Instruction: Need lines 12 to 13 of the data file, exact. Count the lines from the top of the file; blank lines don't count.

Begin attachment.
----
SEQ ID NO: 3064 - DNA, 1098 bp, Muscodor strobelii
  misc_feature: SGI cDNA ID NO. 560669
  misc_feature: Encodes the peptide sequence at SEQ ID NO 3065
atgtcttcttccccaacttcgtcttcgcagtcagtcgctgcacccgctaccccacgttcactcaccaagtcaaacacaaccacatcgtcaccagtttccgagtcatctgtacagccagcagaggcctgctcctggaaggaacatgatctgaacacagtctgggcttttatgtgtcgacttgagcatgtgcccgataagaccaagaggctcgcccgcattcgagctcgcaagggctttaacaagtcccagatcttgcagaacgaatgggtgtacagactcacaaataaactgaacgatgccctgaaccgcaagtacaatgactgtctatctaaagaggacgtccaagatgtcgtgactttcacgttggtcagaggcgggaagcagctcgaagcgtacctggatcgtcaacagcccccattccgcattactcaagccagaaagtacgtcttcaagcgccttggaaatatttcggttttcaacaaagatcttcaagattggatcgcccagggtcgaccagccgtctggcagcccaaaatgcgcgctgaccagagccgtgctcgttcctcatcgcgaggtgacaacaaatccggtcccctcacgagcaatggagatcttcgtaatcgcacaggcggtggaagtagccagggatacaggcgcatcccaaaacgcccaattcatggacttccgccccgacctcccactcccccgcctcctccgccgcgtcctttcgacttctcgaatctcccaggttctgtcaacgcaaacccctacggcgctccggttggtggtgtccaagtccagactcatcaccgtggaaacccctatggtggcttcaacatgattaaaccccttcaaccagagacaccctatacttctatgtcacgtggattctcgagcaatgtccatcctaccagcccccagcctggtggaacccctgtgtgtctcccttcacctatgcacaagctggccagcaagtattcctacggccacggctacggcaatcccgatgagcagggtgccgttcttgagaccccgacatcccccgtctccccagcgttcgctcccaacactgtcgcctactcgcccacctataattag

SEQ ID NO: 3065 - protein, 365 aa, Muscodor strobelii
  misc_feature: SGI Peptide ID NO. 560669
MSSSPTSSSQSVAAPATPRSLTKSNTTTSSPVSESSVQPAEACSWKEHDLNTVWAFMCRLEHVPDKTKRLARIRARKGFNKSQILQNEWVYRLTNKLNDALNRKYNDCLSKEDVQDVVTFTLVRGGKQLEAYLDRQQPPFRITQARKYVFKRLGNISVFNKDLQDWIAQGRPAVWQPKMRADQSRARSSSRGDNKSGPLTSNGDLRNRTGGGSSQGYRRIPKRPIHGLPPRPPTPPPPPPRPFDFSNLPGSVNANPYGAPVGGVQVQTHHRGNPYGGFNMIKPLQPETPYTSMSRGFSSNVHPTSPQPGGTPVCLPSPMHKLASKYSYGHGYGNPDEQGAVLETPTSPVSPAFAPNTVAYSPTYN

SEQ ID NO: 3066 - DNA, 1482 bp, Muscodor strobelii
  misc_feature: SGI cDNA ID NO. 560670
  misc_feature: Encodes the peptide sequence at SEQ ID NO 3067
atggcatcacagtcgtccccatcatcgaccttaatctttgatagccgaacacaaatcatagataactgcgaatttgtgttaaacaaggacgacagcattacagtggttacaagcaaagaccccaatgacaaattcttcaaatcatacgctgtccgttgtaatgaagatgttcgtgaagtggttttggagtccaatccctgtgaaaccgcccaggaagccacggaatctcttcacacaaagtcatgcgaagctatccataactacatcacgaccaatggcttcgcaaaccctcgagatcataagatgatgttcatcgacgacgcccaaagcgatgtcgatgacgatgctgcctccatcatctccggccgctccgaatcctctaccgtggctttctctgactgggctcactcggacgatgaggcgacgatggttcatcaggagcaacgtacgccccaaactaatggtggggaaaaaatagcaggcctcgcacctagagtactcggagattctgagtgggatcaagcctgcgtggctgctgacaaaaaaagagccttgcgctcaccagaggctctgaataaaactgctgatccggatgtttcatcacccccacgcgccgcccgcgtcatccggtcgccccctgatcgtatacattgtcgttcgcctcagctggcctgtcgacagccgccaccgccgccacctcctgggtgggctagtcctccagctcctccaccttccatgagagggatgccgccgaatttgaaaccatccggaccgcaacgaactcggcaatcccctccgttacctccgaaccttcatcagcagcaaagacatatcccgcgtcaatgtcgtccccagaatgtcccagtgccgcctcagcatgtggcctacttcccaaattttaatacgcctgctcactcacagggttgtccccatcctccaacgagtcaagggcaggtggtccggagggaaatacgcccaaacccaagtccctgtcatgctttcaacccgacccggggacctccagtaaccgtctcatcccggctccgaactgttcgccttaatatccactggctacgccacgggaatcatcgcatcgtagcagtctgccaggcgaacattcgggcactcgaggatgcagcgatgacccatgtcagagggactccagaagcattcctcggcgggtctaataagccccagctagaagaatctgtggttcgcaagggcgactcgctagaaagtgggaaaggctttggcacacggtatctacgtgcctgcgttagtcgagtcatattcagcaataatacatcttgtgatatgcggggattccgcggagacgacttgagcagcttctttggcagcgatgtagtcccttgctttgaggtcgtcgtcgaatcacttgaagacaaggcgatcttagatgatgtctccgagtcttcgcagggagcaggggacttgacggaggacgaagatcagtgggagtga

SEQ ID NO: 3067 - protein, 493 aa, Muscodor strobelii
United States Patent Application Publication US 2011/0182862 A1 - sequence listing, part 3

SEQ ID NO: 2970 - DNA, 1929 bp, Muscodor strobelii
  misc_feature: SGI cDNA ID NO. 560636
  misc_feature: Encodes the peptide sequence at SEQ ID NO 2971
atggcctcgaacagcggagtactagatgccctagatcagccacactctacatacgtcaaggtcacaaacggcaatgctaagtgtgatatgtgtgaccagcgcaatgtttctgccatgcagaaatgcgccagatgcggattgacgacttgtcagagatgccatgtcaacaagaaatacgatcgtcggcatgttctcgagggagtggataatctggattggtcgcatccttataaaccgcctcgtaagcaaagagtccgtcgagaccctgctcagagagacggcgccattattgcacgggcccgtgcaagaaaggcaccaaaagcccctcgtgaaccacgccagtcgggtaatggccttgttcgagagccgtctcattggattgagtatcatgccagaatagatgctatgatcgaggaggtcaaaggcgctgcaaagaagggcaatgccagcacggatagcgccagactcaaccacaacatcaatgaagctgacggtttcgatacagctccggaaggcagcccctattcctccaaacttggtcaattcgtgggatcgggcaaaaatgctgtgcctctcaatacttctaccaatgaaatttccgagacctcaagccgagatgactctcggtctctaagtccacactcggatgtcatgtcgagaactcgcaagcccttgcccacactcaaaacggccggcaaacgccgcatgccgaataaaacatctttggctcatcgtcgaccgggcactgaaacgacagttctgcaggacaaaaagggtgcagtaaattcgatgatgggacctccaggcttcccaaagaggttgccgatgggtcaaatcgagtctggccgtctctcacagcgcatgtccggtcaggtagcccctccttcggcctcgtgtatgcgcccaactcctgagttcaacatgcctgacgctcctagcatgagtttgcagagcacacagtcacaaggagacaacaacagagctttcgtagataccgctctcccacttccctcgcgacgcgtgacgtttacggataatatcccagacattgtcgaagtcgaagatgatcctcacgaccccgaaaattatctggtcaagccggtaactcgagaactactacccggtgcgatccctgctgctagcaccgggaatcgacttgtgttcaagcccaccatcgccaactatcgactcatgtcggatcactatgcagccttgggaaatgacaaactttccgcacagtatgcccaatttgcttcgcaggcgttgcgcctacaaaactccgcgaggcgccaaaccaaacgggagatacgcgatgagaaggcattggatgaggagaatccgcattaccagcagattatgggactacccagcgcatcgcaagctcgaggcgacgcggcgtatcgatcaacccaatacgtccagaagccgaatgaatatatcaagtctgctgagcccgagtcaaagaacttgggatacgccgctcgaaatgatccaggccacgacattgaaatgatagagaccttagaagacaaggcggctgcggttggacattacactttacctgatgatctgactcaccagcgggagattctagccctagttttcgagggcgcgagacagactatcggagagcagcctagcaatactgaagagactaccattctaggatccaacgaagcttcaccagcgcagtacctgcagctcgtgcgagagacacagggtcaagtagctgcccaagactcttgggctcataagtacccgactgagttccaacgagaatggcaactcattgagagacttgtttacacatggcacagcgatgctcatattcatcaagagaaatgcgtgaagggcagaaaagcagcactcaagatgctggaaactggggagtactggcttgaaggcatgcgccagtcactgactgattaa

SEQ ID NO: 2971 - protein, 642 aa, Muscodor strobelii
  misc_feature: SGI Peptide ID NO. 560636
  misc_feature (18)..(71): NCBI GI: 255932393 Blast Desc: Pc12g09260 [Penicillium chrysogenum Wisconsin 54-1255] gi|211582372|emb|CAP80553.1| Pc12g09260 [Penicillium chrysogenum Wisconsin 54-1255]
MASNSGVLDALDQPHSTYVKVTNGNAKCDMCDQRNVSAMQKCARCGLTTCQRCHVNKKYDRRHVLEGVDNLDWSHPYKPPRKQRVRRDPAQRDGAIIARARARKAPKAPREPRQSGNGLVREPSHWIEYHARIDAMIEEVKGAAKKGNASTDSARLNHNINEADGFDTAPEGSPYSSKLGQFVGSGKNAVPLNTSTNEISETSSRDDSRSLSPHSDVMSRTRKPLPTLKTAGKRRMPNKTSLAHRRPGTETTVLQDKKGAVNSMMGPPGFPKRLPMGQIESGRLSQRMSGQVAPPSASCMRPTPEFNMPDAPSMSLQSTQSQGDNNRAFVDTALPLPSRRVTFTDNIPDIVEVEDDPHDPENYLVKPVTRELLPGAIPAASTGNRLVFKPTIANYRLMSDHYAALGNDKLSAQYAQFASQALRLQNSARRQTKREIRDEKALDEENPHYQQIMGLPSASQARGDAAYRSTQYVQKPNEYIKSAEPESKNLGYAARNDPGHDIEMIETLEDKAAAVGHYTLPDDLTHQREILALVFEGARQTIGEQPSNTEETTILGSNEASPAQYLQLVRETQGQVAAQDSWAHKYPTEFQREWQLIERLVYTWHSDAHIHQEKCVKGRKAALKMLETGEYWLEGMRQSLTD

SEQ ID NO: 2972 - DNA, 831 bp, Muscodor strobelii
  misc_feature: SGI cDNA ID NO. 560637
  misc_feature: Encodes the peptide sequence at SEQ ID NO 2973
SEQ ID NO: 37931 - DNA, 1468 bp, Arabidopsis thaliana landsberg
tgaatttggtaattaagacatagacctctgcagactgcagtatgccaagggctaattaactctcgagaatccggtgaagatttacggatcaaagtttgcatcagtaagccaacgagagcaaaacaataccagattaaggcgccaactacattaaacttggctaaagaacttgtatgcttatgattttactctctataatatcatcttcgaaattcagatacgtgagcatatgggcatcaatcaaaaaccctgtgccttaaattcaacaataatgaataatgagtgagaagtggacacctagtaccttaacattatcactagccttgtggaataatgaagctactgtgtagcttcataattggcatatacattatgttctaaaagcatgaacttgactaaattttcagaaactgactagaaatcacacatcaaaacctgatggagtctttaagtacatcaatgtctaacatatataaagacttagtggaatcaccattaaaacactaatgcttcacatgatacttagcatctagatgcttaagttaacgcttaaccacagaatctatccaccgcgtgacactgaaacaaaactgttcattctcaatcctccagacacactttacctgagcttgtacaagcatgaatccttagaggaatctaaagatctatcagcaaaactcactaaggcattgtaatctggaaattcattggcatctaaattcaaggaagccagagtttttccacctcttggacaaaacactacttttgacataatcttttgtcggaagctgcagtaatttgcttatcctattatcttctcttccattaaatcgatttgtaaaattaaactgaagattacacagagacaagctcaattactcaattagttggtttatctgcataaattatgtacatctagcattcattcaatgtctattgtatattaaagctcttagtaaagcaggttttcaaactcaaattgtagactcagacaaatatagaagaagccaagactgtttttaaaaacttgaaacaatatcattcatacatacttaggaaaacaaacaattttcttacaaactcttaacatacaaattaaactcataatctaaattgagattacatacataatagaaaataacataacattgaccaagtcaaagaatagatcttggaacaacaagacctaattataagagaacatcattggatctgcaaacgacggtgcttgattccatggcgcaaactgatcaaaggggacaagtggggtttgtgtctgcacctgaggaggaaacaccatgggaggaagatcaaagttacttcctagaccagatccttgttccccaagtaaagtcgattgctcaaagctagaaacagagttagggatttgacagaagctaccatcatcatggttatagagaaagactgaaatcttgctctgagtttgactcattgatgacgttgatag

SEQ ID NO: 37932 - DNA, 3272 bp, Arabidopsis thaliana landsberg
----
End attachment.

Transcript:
SEQ ID NO: 3067 - protein, 493 aa, Muscodor strobelii
United States Patent Application Publication US 2011/0182862 A1 - sequence listing, part 3